LGM's Learning to Talk Tutorial

Learning to Talk

By Nathan Dunlap (LGM)

Welcome to my "Learning to Talk" tutorial. Here, I will try to teach some basic lipsync animation techniques.

Be aware of 3 things:

  • 1. There are many ways to animate, and consequently many ways to lipsync. This is a way that I have found works very well and results in nice animation.
  • 2. It is manual lipsyncing, without the use of plugins.
  • 3. This tutorial assumes a basic knowledge of and a familiarity with Blender. There are some really basic commands which I have put in, while I assume you know how to do the others. It also assumes that you have already completed my "Learning to Walk" tutorial. This is because walking is more important than lipsync, and also so I don't have to explain basic details all over again. In addition, you must know how to download and install a program onto your computer.
  • We will be using Jason Pierce's Ludwig model for this tutorial. Download it now. It is a very, very nice rig.

    You will need two more files to follow this tutorial completely:

  • Magpie (the free version) is a simple program that allows you to map out where the various mouth shapes go during a dialogue piece. (Note: I know of two other lipsync programs that are similar to Magpie: Papagayo and JLipsync. While I will be using Magpie for this tutorial, you can use another similar program just as easily since we're not going to use a really detailed lipsync program with lots of software-specific functions.)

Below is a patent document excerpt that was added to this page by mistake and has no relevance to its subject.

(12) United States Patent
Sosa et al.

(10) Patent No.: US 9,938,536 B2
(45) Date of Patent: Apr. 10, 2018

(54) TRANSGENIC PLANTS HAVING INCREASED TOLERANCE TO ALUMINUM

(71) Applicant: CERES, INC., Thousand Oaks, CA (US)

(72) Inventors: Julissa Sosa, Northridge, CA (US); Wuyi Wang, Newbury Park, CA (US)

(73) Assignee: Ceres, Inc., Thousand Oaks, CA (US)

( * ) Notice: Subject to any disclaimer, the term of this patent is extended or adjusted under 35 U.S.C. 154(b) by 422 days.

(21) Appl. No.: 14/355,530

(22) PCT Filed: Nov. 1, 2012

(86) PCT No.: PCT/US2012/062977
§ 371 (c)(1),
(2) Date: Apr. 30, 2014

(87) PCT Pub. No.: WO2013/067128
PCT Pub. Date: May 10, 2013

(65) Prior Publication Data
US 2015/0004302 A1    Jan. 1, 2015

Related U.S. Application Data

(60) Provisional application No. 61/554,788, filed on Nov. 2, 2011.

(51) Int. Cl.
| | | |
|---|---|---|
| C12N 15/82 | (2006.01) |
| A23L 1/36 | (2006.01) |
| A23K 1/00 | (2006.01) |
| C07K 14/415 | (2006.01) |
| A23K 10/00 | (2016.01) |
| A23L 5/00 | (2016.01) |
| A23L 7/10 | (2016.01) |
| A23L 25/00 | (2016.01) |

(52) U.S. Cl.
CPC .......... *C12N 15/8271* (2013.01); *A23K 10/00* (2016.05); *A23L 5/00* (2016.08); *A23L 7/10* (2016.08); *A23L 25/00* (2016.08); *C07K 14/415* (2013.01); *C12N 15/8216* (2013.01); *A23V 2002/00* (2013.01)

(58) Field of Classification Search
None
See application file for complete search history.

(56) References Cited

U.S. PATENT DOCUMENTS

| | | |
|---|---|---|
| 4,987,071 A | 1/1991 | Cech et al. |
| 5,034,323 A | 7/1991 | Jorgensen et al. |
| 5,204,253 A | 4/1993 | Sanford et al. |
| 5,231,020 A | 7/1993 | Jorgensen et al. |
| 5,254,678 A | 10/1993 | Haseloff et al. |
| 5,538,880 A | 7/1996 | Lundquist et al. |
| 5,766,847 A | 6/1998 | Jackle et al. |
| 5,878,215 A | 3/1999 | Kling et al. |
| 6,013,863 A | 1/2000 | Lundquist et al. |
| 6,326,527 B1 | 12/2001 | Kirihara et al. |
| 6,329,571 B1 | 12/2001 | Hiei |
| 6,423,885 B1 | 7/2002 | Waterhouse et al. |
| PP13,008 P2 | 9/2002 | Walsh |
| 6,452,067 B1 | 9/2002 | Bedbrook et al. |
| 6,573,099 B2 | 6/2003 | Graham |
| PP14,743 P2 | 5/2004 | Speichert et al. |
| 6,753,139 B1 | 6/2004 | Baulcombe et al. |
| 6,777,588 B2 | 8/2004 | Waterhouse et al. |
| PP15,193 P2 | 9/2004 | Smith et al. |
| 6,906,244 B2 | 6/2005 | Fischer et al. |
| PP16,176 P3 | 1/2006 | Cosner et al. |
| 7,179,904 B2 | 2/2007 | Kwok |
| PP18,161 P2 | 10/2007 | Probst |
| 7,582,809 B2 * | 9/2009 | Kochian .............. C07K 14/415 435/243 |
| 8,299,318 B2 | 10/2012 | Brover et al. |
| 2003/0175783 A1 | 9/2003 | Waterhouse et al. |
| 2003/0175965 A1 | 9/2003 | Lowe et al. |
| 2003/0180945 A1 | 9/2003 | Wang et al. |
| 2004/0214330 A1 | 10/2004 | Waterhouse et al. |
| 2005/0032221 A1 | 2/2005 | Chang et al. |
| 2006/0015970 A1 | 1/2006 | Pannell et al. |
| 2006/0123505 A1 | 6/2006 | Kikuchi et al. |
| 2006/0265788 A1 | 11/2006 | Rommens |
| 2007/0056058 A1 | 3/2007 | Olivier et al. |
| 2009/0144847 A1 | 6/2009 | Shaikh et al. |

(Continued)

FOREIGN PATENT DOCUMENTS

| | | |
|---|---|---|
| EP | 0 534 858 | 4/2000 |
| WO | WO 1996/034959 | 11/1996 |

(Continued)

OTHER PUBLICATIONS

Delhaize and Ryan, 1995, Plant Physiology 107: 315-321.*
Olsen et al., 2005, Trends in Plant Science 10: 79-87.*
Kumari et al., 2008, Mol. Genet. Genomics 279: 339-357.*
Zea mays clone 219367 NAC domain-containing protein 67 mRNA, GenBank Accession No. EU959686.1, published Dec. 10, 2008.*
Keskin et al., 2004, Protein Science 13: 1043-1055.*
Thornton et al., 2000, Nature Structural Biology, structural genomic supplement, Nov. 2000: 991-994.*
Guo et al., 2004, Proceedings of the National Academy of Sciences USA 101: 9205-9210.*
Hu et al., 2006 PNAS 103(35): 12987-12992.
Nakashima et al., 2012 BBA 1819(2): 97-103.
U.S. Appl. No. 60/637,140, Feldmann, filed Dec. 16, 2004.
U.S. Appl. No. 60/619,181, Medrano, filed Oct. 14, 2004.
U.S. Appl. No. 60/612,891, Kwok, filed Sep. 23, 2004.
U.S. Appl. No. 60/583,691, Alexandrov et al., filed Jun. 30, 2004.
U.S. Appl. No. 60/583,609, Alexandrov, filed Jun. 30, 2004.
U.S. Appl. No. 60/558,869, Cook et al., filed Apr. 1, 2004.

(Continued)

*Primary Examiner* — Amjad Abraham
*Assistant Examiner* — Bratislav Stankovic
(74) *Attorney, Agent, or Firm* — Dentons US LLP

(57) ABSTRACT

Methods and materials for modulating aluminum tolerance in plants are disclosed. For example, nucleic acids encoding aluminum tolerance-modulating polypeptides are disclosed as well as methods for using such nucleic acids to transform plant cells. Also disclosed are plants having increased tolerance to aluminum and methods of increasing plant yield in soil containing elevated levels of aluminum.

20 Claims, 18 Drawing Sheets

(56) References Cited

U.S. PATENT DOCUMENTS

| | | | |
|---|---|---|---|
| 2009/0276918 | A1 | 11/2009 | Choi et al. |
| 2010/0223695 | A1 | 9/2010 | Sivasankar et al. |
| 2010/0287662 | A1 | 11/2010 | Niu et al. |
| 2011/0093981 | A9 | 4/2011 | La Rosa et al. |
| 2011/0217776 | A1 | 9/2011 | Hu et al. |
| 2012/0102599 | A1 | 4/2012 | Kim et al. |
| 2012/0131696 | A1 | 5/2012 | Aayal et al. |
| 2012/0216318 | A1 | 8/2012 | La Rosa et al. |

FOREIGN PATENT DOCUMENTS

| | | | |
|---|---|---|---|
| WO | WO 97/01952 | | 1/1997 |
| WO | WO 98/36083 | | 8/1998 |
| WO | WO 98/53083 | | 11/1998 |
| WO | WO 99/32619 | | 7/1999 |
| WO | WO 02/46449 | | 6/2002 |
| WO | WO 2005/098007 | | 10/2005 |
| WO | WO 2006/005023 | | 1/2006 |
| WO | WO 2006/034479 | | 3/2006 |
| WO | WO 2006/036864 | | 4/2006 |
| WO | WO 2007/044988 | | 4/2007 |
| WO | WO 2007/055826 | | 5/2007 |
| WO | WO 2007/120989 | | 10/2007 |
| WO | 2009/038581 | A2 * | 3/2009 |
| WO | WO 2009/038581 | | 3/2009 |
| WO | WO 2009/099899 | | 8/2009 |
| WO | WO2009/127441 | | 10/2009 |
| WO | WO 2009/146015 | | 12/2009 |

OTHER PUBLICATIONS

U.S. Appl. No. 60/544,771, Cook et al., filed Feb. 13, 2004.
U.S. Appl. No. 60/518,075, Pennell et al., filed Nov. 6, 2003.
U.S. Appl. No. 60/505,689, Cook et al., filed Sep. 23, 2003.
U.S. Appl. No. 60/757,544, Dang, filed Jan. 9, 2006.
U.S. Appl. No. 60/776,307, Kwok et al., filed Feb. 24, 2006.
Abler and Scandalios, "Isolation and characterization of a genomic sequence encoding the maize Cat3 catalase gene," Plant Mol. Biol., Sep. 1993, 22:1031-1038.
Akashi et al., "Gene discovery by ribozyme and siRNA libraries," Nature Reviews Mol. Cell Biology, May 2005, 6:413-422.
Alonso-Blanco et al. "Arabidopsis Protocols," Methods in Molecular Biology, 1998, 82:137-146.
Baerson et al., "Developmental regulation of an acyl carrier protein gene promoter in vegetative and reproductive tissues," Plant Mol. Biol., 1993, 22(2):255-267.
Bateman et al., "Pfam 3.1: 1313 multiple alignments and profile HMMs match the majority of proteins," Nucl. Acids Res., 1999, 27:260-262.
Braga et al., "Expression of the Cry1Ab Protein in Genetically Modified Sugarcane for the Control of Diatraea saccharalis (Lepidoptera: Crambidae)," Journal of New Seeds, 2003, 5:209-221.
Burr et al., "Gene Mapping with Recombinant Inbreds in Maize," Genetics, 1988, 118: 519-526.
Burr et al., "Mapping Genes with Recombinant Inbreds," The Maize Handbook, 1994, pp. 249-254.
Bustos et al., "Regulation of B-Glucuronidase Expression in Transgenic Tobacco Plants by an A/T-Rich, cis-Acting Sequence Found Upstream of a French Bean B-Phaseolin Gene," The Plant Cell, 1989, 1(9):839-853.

• The audio sample that we will be using throughout this tutorial. The dialogue is a recording I made that runs, "My name is Ludwig, version X6." I made it to test Ludwig's lipsyncing capabilites back at version X6. Go figure, hey?
  • (One more note, in case you're having trouble figuring out which image goes with which words, each image corresponds to the paragraph(s) above it.)

    All right, install Magpie and open it up. Just click on the flash screen that appears.

    Now we're in Magpie. Go to the File menu, then to open and find the audio clip which I've named ludwig_X6lipsync.wav, click on it and open it.

    You'll notice a few buttons on the top. I should explain them now. Left to right, they are "open file," "save file," "copy to clipboard" (no idea what it does), "play all," "play selected frames," "play audio from selected frame to the end," "play audio from the beginning to the selected frame," "zoom in," and "zoom out."

    Now we must make sure we're in the same FPS (which stands for Frames Per Second). This is the rate at which the frames flash by in a movie or animation. Animations are usually at 24 fps, so go to options, then set the FPS to 24. Incidentally, this is the frame rate of most (if not all) films in made in America. You may have noticed subtle differences if you have seen movies made in America and movies made in Britain between the image quality. Not that one's better than the other, there's just something different. This is the fact that American films are filmed at 24 fps, while British films are filmed at 30 fps.